Michigan State University fires back at Larry Nassar lawsuit
Federal lawsuit claims MSU is partially at fault in Nassar case
EAST LANSING, Mich. – Michigan State is firing back over a lawsuit claiming the university is at least partially at fault in the Larry Nassar case.
One of the key questions that remains in the case is how Nassar was able to keep abusing young girls for years without consequence. That question sparked a federal lawsuit claiming MSU looked the other way.
Now, the school is responding.
Rachael DenHollander is one of the athletes named in the civil case against Michigan State. She said she finds the latest court filing upsetting.
"It is victim blaming and shaming at its finest," DenHollander said.
Attorneys for Michigan State are hoping to toss out the civil suit.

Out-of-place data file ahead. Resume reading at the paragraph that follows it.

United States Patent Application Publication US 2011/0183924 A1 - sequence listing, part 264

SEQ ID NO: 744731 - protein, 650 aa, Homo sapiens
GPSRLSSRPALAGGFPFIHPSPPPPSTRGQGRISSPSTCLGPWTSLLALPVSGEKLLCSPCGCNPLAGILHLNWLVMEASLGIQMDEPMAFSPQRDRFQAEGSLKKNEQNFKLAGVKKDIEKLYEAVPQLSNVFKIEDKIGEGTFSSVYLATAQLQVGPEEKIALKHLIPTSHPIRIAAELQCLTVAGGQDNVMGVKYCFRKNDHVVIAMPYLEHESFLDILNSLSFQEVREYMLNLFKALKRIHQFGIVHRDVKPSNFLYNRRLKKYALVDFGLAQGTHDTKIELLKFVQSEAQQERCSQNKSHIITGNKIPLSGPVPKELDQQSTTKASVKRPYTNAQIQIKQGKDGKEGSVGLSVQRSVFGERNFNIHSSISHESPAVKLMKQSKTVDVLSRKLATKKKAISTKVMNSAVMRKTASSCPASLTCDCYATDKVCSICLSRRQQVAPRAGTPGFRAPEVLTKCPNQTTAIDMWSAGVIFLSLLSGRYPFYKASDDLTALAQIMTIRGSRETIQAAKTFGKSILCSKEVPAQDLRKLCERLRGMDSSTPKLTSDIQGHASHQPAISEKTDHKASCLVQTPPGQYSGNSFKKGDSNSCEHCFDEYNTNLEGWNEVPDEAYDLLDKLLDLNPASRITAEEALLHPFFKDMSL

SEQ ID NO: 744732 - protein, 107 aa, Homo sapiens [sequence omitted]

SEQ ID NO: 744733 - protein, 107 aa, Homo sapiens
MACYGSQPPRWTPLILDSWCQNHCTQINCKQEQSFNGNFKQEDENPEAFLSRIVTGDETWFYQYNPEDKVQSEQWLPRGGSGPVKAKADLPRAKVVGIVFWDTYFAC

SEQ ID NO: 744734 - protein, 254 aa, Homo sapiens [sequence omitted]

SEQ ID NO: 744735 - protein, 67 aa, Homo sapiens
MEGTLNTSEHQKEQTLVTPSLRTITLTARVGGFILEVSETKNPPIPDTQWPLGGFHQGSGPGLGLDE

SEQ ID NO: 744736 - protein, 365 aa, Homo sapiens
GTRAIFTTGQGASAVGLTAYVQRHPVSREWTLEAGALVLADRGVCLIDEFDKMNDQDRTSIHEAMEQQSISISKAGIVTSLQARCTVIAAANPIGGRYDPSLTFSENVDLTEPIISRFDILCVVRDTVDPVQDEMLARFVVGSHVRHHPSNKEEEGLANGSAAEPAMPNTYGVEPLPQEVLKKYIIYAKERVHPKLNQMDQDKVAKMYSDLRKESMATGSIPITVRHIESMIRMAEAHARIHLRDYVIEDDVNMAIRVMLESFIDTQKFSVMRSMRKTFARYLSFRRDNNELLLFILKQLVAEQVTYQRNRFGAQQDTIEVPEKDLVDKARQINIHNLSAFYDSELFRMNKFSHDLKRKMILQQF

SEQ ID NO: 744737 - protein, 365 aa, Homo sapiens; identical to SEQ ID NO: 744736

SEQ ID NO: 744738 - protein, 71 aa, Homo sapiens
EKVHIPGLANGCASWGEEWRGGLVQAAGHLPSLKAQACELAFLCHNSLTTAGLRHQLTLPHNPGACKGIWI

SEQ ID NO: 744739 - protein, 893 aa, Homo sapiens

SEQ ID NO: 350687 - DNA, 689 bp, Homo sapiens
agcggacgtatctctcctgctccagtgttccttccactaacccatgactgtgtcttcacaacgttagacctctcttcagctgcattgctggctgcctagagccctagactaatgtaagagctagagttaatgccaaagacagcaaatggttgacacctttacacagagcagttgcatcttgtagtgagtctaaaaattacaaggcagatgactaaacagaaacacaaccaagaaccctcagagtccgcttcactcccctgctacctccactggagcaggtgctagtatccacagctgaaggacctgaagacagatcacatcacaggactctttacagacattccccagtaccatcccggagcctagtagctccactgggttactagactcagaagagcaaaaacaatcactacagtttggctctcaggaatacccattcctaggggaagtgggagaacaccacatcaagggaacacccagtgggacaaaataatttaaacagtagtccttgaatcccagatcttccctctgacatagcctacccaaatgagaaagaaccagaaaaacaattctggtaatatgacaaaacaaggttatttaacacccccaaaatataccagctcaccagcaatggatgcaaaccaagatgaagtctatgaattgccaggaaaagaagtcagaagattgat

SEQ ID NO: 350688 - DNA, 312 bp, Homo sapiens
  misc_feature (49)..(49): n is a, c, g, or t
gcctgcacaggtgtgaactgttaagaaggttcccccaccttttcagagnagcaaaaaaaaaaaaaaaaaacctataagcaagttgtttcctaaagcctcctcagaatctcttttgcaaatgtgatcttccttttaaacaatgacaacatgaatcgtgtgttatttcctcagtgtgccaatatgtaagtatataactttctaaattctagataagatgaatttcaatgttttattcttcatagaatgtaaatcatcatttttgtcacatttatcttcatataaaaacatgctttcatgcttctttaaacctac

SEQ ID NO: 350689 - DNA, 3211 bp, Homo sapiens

"Although Nassar's actions were repugnant and merit the heavy criminal penalties imposed upon him, the law does not support the plaintiffs' attempts to hold the MSU defendants liable for his wrongs," the lawsuit said.
They're claiming governmental immunity, some of the athletes weren't Michigan State students, the statute of limitations has expired and the victims didn't tell the right people.
Lawyers said the coaches and trainers who knew were not Nassar's supervisors. Wayne State law professor Peter Hennings said some of MSU's arguments have merit.
"I wish I knew who was right," Hennings said. "Michigan State has a good immunity argument."
Hennings doesn't think the argument on statute of limitations will stand, because the young girls didn't know they were being abused.
"If a defendant covers up, that can stomp the statute of limitations," Hennings said.
Attorneys are throwing out every argument they can to see how much of it will stand. Hennings said this likely won't go to trial.
"You cannot put these victims on trial," Hennings said. "Terribly abused. (They) will be very sympathetic to a jury."
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